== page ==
And in both cases, they died within hours of my praying for them and with them. It gave everyone in my family great peace seeing them just release their concerns and their spirits to God, and though it was a very sad day, there was a sweet side to it and the comfort of the Holy Spirit was with us all.


My daughter was with me when I prayed for her grandma, but was not there with her grandpa. But in both cases, she handled with their passings very well. You need not fear how your daughter will react if you help her understand how things work in the real world, and join that to our faith in God. Another thing I told my daughter, is that she will never be alone, and that her grandma will be watching her from heaven... so make her proud. Someday you will go to heaven too and you will be with her again.


~ Theophilus

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4 years ago  ::  Jun 17, 2011 - 10:02AM #3
voice-crying
Posts: 7,222

May 7, 2011 -- 10:11PM, SecondSonOfDavid wrote:

Today I got the news I expected but never wanted to hear; my mother's condition, vascular dementia, is worsening and the doctors have decided it is irreversible.   Long story short, my Mom had a series of falls, leading to hospitalization and a rehab clinic starting in 2009, but while she made some progress early, she regressed and cannot walk, stand, or even feed herself now.  Her body is, step by step, shutting down her voluntary muscle groups.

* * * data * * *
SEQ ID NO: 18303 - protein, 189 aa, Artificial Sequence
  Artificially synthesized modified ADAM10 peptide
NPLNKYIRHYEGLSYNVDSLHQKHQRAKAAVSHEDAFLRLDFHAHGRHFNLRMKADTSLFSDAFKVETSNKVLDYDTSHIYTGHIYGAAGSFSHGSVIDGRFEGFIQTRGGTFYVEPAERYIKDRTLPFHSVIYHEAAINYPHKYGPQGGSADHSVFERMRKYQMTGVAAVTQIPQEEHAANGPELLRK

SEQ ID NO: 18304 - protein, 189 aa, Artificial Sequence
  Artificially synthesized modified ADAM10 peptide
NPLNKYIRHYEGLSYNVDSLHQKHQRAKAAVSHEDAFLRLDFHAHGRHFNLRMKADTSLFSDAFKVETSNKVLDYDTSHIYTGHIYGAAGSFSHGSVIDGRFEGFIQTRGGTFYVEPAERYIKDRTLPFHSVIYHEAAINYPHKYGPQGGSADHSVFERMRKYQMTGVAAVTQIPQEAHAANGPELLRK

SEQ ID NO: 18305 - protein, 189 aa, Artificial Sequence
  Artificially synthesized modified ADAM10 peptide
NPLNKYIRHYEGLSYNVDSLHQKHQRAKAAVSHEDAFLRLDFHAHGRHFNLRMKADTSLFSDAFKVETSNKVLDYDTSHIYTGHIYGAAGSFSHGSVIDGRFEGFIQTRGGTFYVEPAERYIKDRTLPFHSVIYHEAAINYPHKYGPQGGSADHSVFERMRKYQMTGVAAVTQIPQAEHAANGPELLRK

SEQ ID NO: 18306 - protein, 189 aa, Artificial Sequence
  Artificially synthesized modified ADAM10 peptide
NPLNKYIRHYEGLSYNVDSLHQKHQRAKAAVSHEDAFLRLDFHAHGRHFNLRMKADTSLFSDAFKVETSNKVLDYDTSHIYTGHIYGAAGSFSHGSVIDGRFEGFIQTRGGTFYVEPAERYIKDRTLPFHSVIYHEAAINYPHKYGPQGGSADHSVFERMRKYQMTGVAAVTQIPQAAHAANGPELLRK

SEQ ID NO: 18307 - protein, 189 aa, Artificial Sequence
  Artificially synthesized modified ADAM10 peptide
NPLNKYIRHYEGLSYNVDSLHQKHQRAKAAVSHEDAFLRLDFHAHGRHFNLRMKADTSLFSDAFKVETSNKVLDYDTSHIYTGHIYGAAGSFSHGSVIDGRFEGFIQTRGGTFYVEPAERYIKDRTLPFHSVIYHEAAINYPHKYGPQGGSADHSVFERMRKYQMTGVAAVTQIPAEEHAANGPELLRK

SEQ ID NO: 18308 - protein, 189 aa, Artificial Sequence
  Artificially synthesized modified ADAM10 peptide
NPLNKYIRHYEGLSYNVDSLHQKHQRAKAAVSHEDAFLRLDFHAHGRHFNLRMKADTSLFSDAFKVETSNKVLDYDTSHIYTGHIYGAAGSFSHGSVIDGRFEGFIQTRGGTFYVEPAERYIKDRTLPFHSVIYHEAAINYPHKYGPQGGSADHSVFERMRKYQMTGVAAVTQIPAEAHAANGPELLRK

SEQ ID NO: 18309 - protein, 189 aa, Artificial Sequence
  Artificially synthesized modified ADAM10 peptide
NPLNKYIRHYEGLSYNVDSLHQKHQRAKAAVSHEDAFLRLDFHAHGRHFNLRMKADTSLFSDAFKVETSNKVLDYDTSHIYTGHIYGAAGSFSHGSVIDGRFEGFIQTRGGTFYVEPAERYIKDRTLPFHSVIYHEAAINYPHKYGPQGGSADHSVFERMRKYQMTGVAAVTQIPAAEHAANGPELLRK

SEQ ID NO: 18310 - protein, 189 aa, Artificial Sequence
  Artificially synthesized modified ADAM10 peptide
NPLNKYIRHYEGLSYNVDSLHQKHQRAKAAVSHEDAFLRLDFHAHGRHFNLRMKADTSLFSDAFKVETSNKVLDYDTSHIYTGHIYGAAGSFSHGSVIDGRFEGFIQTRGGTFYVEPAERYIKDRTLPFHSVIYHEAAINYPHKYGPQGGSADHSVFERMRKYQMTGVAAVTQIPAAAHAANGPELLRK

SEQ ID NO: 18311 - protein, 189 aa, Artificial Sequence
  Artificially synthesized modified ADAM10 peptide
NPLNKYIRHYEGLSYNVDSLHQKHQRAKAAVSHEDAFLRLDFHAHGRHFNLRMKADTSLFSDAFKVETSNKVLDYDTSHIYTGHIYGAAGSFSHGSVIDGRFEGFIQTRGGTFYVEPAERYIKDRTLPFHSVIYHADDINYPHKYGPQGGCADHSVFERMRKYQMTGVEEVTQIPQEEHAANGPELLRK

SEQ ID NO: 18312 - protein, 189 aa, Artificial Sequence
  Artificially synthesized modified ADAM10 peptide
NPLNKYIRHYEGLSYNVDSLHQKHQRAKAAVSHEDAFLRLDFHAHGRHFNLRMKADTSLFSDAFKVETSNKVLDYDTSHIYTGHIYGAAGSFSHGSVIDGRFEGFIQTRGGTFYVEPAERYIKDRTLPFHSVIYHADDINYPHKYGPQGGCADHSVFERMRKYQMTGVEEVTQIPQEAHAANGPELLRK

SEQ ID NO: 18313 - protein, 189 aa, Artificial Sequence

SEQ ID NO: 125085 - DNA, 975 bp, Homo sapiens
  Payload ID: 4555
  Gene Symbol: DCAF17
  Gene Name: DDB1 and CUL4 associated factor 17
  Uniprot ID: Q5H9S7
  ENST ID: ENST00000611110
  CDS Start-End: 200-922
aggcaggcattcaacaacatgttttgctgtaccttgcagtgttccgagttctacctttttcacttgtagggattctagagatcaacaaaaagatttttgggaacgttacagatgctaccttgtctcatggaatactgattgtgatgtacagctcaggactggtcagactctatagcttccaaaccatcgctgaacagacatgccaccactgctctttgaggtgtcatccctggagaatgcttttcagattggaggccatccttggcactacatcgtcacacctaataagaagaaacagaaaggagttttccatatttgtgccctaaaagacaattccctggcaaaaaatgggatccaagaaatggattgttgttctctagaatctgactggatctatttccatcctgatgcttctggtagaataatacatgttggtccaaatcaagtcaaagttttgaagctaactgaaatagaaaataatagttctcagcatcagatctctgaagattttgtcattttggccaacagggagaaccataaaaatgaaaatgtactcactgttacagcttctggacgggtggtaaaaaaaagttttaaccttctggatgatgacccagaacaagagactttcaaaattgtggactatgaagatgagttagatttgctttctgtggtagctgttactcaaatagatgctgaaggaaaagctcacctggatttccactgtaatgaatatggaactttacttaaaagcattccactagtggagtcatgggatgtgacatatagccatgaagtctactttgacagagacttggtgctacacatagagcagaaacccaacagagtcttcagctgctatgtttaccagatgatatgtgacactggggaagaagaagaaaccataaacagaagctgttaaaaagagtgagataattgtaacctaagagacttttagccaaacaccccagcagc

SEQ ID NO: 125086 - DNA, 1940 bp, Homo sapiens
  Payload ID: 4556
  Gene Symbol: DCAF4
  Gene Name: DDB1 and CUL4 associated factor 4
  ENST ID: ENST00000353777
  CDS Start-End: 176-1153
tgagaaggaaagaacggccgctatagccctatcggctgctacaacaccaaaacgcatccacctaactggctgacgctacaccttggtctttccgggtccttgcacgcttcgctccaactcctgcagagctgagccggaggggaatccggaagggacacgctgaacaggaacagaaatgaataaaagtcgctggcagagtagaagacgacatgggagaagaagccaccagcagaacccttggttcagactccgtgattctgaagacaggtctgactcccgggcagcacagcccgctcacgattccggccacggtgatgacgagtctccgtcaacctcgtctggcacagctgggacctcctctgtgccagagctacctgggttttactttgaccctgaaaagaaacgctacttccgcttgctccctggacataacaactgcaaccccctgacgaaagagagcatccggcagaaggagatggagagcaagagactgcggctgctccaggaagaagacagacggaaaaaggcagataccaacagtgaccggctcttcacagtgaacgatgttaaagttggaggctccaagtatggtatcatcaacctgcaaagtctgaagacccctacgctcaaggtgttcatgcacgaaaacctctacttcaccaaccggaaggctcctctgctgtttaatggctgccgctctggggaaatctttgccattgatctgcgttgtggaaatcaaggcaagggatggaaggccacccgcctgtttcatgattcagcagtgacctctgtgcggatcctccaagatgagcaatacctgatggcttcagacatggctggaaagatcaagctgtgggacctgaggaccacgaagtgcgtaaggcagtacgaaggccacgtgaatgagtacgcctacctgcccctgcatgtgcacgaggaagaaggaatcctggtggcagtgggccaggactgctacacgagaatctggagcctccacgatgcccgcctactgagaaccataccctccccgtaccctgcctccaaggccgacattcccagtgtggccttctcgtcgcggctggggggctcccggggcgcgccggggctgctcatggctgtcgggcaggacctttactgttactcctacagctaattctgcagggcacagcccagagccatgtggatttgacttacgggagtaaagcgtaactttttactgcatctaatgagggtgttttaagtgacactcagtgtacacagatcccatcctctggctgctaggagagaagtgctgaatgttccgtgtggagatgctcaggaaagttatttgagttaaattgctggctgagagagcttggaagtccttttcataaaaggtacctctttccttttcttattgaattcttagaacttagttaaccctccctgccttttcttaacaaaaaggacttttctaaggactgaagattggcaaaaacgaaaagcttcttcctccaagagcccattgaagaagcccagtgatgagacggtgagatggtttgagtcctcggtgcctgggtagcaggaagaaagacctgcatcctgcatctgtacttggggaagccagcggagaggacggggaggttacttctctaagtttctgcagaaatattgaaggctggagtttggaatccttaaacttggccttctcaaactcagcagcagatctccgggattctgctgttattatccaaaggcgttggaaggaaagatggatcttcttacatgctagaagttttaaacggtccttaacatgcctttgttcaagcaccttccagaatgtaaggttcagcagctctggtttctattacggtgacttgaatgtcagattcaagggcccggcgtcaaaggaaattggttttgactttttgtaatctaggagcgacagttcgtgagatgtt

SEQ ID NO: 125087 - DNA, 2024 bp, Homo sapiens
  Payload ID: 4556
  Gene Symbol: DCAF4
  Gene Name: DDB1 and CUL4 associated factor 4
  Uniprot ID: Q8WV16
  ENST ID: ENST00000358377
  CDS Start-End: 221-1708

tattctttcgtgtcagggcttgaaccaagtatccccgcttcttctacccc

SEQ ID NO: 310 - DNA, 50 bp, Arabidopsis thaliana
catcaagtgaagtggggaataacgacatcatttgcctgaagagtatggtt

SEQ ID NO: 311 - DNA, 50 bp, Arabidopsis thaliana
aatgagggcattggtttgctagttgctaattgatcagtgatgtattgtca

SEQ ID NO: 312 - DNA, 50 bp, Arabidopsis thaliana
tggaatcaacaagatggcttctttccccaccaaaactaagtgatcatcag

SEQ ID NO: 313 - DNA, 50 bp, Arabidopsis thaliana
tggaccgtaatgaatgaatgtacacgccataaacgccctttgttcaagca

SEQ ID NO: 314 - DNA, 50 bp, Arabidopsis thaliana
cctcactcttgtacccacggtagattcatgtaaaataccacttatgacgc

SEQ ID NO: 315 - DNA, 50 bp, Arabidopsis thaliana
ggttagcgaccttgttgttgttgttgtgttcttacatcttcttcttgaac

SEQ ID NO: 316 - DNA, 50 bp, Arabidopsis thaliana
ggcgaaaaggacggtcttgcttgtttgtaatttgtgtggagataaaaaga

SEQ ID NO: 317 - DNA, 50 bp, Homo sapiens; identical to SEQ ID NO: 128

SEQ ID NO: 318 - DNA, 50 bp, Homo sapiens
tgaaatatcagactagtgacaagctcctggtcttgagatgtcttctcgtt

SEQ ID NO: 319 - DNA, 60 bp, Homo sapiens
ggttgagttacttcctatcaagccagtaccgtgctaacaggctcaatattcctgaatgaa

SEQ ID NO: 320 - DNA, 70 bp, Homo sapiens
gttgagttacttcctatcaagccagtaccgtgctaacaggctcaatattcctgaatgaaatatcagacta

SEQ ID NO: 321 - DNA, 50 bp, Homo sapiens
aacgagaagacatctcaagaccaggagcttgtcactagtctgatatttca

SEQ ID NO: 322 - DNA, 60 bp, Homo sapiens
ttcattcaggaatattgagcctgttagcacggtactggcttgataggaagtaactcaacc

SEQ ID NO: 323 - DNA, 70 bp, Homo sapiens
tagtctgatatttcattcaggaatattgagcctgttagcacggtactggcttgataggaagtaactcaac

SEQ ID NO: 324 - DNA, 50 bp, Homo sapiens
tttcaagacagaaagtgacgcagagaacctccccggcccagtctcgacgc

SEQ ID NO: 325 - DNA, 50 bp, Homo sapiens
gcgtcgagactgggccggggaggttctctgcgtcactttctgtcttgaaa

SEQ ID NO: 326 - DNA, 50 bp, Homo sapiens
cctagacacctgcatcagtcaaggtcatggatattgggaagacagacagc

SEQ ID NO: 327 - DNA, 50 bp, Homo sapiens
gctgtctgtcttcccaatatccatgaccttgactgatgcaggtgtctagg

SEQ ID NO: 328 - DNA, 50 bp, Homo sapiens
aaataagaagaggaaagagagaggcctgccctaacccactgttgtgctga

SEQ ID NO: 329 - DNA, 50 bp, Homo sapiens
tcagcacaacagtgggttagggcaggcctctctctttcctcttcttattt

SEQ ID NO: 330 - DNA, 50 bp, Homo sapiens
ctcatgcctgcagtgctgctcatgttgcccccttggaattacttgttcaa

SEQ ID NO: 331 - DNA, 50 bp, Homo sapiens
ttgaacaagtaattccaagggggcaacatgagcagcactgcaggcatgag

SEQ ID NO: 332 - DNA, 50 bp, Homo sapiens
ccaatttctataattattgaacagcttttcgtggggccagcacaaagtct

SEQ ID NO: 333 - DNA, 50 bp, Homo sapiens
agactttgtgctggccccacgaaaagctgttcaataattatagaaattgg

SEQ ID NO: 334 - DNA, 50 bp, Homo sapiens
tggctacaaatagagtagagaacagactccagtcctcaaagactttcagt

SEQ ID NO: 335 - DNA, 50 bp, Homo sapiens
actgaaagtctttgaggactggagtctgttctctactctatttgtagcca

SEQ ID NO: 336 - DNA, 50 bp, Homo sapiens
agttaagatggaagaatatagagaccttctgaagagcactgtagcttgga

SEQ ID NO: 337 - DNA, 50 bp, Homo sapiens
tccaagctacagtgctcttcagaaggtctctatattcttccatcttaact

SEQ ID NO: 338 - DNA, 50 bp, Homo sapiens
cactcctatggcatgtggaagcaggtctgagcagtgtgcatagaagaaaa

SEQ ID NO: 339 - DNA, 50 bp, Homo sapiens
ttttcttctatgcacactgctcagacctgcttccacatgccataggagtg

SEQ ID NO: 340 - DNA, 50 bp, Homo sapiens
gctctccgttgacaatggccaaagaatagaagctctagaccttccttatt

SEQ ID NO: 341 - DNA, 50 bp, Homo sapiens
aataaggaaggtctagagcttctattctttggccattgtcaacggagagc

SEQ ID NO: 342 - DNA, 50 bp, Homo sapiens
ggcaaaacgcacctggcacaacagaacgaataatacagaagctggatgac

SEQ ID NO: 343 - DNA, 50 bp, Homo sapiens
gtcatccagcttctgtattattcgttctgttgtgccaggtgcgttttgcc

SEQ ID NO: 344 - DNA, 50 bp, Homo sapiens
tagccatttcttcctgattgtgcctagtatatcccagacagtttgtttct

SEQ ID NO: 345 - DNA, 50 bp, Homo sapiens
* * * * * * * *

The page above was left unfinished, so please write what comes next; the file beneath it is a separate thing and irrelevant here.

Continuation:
My daughter is eleven years old, and the question I have, is how I can help her understand what is happening and why, from a faith perspective. 

Thanks.



I'm sorry to hear about your Mother's condition.


My advise to you would be to allow your daughter to learn about the condtion (along with you).  And be there for your mom as much as possible so that your daughter will follow your lead.

"Death and life [are] in the power of the tongue: and they that love it shall eat the fruit thereof."Proverbs 18:21
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3 years ago  ::  Jun 21, 2011 - 1:33AM #4
Spookersview
Posts: 2

May 7, 2011 -- 10:11PM, SecondSonOfDavid wrote:

Today I got the news I expected but never wanted to hear; my mother's condition, vascular dementia, is worsening and the doctors have decided it is irreversible.   Long story short, my Mom had a series of falls, leading to hospitalization and a rehab clinic starting in 2009, but while she made some progress early, she regressed and cannot walk, stand, or even feed herself now.  Her body is, step by step, shutting down her voluntary muscle groups.

My daughter is eleven years old, and the question I have, is how I can help her understand what is happening and why, from a faith perspective. 



My suggestion is that you explain things to your daughter so that she understands what is going on.   Prayers for you and your family.